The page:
How long is pink eye contagious?
If you have pink eye caused by a virus or bacteria, your conjunctivitis can be contagious for several days to several weeks once symptoms (red, itchy, watery eyes; possibly with eye discharge) appear.
Schools and day care centers often require a child diagnosed with pink eye to stay home until the condition is resolved. This is a good idea, because infectious conjunctivitis (pink eye) can be highly contagious in environments where children are in close contact with each other.
But determining how long pink eye is contagious and how long you or your child should stay home can be a little tricky. Generally speaking, it should be safe for you to return to work or for your child to return to school or to a day care center if the obvious symptoms of pink eye no longer are present — usually in three to seven days.
Contagious pink eye treatments
Topical antibiotic ointments or eye drops are effective treatments for conjunctivitis only if the pink eye is caused by bacteria. In this case, you need up to 24 hours for the eye drops or ointment to start working and for the pink eye to no longer be contagious.
If conjunctivitis is caused by a virus, the infection simply must run its course. Though there is no treatment for viral pink eye, you can relieve symptoms with lubricating eye drops to soothe irritation.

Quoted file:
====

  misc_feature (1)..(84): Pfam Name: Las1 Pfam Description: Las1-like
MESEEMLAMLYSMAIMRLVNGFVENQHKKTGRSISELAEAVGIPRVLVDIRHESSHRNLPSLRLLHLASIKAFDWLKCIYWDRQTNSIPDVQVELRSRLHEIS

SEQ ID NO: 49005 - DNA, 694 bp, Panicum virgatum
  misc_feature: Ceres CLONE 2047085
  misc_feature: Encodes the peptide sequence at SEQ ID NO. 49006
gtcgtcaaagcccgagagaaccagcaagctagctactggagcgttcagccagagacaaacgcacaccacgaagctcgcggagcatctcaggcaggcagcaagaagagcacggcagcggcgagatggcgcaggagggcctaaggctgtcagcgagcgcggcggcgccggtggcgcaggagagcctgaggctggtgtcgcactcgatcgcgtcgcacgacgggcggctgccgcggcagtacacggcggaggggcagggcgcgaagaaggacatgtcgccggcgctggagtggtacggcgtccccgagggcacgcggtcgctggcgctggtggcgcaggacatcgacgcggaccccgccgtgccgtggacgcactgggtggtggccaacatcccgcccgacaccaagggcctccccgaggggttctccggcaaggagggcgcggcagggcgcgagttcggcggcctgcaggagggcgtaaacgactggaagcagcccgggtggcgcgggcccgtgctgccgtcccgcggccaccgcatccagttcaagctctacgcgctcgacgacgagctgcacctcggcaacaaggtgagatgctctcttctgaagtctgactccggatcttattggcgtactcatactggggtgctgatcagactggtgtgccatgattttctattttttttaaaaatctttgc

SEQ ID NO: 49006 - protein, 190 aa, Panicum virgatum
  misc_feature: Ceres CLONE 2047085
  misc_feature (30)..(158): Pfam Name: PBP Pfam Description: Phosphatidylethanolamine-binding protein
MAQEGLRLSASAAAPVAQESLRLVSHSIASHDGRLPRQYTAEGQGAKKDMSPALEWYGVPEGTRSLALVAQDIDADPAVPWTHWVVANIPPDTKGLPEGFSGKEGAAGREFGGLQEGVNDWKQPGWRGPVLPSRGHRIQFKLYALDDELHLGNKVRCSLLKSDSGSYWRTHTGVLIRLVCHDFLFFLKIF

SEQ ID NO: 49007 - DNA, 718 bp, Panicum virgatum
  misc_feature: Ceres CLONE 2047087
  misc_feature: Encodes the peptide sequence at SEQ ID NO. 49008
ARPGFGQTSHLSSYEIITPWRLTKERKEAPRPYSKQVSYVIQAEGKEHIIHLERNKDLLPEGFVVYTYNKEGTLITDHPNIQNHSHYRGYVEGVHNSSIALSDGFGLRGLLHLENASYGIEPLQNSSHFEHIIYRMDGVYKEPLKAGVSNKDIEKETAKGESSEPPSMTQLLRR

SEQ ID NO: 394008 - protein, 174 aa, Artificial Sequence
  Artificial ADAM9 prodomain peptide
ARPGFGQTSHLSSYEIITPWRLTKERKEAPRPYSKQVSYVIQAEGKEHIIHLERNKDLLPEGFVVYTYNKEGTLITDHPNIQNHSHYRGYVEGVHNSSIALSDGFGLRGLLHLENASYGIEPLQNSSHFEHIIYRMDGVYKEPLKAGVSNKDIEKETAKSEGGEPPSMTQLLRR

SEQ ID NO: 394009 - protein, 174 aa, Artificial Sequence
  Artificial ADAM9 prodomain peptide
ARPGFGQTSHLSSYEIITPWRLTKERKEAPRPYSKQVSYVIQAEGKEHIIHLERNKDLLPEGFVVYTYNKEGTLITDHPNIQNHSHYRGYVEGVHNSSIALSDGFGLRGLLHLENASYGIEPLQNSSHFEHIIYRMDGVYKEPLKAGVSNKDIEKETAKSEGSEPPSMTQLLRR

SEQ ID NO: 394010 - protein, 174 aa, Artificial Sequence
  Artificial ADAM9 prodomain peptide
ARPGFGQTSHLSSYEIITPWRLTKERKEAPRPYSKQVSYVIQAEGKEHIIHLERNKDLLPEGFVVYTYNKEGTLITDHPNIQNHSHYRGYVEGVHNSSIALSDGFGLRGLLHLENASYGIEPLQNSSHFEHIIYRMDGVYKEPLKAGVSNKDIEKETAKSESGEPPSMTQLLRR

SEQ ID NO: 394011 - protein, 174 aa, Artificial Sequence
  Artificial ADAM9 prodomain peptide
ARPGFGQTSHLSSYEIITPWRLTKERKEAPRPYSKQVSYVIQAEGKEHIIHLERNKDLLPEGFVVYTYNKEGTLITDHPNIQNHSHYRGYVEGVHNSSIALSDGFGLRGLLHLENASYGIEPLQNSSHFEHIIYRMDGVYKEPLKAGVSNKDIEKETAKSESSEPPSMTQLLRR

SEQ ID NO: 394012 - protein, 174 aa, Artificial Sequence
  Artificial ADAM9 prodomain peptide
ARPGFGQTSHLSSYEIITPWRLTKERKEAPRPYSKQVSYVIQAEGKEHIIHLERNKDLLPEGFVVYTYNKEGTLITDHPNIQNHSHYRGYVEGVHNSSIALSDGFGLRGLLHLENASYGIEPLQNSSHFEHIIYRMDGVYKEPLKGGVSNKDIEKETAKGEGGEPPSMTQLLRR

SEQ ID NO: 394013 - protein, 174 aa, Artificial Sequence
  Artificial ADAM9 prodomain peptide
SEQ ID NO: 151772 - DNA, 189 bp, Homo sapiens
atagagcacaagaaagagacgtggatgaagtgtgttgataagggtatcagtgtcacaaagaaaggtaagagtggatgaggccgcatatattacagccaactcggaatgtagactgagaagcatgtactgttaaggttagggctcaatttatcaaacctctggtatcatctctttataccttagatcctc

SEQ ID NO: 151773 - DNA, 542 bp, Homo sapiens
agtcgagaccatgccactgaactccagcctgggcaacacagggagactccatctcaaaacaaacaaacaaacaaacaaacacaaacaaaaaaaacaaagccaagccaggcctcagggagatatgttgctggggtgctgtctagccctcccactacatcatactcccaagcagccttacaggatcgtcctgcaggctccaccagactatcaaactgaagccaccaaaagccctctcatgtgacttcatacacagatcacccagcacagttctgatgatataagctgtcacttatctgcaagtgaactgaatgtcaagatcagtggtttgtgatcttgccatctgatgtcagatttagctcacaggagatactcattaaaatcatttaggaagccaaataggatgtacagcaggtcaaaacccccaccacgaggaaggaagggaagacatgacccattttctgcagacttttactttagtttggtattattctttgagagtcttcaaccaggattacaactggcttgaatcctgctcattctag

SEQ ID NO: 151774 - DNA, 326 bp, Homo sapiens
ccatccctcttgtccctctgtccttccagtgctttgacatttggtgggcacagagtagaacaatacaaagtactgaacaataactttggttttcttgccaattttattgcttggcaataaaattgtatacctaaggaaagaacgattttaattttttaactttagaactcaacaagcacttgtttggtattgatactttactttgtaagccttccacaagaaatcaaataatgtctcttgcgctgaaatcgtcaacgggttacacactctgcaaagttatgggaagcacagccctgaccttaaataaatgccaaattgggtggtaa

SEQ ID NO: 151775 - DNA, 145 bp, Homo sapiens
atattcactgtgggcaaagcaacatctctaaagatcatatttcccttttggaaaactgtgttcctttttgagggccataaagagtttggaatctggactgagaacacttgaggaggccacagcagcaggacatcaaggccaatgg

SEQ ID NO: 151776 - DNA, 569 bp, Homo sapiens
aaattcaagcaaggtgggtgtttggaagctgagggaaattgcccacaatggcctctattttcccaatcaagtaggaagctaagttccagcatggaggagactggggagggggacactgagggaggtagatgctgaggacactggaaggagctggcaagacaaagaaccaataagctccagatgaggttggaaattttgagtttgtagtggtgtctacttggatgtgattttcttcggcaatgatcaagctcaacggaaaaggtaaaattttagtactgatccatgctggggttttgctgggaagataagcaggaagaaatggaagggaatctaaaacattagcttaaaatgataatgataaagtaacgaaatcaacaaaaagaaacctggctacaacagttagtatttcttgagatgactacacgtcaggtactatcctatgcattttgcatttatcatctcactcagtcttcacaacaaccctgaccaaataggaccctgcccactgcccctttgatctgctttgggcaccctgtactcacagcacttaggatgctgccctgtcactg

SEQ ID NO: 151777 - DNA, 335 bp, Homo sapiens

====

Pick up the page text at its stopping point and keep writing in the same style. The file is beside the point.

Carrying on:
If pink eye is caused by eye allergies, then the condition is not contagious. But you should consult with your eye doctor to make sure you know which type of pink eye you or your child has.
If eyes are pink from an allergic reaction, eye drops containing antihistamines may be able to relieve symptoms. Cold compresses also can help.
Exposure to contagious pink eye
It's difficult to determine exactly how long pink eye is contagious if you don't know its cause.
For example, the rubeola virus causing measles and accompanying pink eye symptoms is extremely contagious, often for as long as two weeks or more.
You also can be at risk of getting contagious pink eye from exposure to certain adenoviruses found in water sources such as untreated swimming pool water. This is a good reason to wear swim goggles or a swim mask with a seal that prevents your eyes from being exposed to the water.
You or your child also can be infected with exposure to bacteria and viruses found in the environment, such as contaminated towels or countertops.
The risk of environmental exposure can last for weeks unless contaminated items are cleaned and disinfected. This is why it's a good idea to discard items such as mascara brushes and other eye makeup if you've had infectious conjunctivitis, even if your eyes have cleared up.
If you are being treated but don't notice any improvement in your pink eye symptoms after about 10 days, be sure to notify your eye doctor.
Page published in December 2019
Page updated in February 2022